Bugs and Cars Colliding

Bugs and Cars Colliding

When I go on a summer road trip, I always return with hundreds of insects smashed on the front of my car. Those bug remains are a real challenge to remove. So why don’t those little critters have enough brains to get out of the way? Bugs and cars colliding is a great summertime nuisance.

Okay, I know those insects that lost their lives playing a game of chicken with my vehicle don’t have very big brains – if they have any at all. I also realize that my car is much bigger than they are and probably traveling at a faster speed, so it’s hard for them to get out of the way. I also realize that the consequences of our brief encounter are much more tragic for them than it is for me. But I have never seen two bugs crashing into each other in mid-air. They can swarm in great numbers and never crash and fall from the sky. They must have some kind of collision avoidance system.

God gave insects the ability to avoid collisions with each other long before cars entered the scene. That fact led scientists at Penn State University to do some research on bugs and cars colliding. They probably can’t do much to give bugs the ability to avoid cars, but they wanted to give cars the ability to avoid hitting each other. Since bugs somehow avoid mid-air collisions with such skill, can their technology be applied to cars?

Even though only a fourth of driving occurs in the dark, half of all traffic fatalities happen at night. (It’s also when many insect species are most active, but that’s beside the point.) Present vehicle technologies for avoiding collisions use Light Detection and Ranging (LiDAR) or image sensors running sophisticated software. The systems are expensive and use lots of energy. The researchers wrote, “…task-specific obstacle avoidance algorithms allow insects to reap substantial benefits in terms of size and energy.” They wanted to learn how the bugs do it with tiny brains and micro-energy.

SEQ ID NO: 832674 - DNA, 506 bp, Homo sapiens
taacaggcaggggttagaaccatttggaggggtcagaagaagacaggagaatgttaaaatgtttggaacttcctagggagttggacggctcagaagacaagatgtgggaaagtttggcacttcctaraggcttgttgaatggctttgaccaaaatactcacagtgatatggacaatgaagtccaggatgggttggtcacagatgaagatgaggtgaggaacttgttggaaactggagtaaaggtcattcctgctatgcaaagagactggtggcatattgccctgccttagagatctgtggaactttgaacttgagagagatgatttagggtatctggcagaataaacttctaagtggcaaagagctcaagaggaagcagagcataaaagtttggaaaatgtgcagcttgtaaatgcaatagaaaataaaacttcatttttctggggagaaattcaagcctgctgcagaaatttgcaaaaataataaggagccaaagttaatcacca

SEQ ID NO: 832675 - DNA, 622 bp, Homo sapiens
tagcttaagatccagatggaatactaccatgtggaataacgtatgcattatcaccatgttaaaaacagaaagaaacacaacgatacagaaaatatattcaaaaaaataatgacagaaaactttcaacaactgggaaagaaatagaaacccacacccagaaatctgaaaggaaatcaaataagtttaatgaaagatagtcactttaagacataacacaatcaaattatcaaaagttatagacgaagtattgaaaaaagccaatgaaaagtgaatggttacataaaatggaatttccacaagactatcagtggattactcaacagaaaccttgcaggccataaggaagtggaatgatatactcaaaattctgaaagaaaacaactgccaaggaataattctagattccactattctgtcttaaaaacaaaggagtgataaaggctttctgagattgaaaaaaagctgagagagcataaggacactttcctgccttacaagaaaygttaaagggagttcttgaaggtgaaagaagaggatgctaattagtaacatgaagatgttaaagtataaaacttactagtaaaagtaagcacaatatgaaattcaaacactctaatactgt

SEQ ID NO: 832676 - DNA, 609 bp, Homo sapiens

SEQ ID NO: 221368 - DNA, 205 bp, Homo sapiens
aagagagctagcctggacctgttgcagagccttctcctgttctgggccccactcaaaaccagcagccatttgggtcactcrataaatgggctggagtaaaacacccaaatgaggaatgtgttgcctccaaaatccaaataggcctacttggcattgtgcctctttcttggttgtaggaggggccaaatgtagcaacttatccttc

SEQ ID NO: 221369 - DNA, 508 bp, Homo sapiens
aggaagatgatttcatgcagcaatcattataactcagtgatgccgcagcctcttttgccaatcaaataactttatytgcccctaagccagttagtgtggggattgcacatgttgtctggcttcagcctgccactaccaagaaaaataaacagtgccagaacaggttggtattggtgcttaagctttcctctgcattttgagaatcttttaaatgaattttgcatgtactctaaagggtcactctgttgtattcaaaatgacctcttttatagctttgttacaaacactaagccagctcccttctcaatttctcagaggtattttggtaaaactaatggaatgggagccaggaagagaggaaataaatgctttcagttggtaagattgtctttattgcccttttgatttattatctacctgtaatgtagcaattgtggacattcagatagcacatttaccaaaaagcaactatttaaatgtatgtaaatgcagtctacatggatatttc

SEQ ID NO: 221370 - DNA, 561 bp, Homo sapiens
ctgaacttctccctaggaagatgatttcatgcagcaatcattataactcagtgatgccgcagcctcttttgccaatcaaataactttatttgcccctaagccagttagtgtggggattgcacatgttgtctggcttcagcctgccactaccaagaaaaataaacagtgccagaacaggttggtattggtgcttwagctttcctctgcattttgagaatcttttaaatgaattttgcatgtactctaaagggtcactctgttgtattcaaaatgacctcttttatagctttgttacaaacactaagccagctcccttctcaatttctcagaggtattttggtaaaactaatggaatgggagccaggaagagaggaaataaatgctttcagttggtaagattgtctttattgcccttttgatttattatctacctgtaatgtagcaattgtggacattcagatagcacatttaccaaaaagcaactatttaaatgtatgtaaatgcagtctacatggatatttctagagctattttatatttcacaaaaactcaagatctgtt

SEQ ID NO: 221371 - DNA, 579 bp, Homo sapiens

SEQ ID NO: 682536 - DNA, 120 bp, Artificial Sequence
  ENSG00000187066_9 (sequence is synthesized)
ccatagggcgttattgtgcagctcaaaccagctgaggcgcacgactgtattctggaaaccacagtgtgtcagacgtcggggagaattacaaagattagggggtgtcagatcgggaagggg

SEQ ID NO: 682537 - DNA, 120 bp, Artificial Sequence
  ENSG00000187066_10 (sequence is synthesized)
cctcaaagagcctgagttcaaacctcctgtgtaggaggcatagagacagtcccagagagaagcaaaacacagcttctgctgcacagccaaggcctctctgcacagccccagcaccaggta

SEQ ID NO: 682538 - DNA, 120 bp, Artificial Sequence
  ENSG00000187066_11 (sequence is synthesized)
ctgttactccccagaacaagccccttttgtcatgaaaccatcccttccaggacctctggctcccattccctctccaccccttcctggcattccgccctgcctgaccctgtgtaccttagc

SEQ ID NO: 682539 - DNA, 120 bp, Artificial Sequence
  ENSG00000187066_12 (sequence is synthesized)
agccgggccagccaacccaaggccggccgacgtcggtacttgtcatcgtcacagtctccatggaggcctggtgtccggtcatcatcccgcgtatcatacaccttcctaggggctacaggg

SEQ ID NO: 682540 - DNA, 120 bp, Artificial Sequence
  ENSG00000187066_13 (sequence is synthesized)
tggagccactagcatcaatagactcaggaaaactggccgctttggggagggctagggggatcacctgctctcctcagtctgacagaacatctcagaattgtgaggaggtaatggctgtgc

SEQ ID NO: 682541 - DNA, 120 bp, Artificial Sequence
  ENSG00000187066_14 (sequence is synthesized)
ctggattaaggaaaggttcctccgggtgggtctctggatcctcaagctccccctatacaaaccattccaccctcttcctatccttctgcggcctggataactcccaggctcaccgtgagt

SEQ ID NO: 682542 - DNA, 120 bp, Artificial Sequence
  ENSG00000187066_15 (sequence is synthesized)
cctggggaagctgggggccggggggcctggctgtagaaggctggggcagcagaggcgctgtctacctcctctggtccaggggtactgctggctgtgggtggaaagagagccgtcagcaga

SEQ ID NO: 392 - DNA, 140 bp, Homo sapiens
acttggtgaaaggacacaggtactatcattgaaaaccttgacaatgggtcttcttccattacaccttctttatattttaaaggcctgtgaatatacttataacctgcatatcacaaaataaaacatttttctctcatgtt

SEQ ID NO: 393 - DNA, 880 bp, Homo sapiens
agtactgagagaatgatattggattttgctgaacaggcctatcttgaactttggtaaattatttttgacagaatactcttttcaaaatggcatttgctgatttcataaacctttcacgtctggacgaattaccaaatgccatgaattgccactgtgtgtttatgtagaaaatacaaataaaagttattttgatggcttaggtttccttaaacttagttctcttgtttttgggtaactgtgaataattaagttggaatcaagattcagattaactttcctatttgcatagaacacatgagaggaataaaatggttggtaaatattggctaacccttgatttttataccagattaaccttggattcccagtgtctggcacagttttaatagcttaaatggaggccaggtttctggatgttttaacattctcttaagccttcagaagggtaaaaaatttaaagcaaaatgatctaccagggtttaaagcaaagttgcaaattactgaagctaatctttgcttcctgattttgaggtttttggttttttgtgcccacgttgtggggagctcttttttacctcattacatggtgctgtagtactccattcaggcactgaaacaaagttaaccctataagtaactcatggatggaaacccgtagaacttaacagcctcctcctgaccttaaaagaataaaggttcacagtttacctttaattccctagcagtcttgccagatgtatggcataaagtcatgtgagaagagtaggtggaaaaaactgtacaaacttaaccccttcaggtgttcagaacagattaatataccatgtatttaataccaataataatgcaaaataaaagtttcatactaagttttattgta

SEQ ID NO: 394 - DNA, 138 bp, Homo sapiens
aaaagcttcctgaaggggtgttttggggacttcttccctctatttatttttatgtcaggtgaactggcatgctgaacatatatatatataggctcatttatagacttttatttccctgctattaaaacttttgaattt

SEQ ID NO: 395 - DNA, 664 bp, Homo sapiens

We have often talked about how scientists studying God’s creatures and creation have discovered ways to accomplish tasks more effectively and efficiently. For example, this new research shows ways to avoid vehicle collisions in a simpler, less expensive, and more energy-efficient way using a new algorithm based on the neural circuits of bugs.

God told Job, “If you want to learn, then go and ask the wild animals and the birds, the flowers and the fish. Any of them can tell you what the Lord has done” (Job 12:7-9 CEV). This research may not solve the problem of bugs and cars colliding, but it can help to solve the much more dangerous problem of cars colliding with other cars. Of course, you will still have to keep the scrub brush and bucket of cleanser handy.

— Roland Earnst © 2023

References: acs.org and popsci.com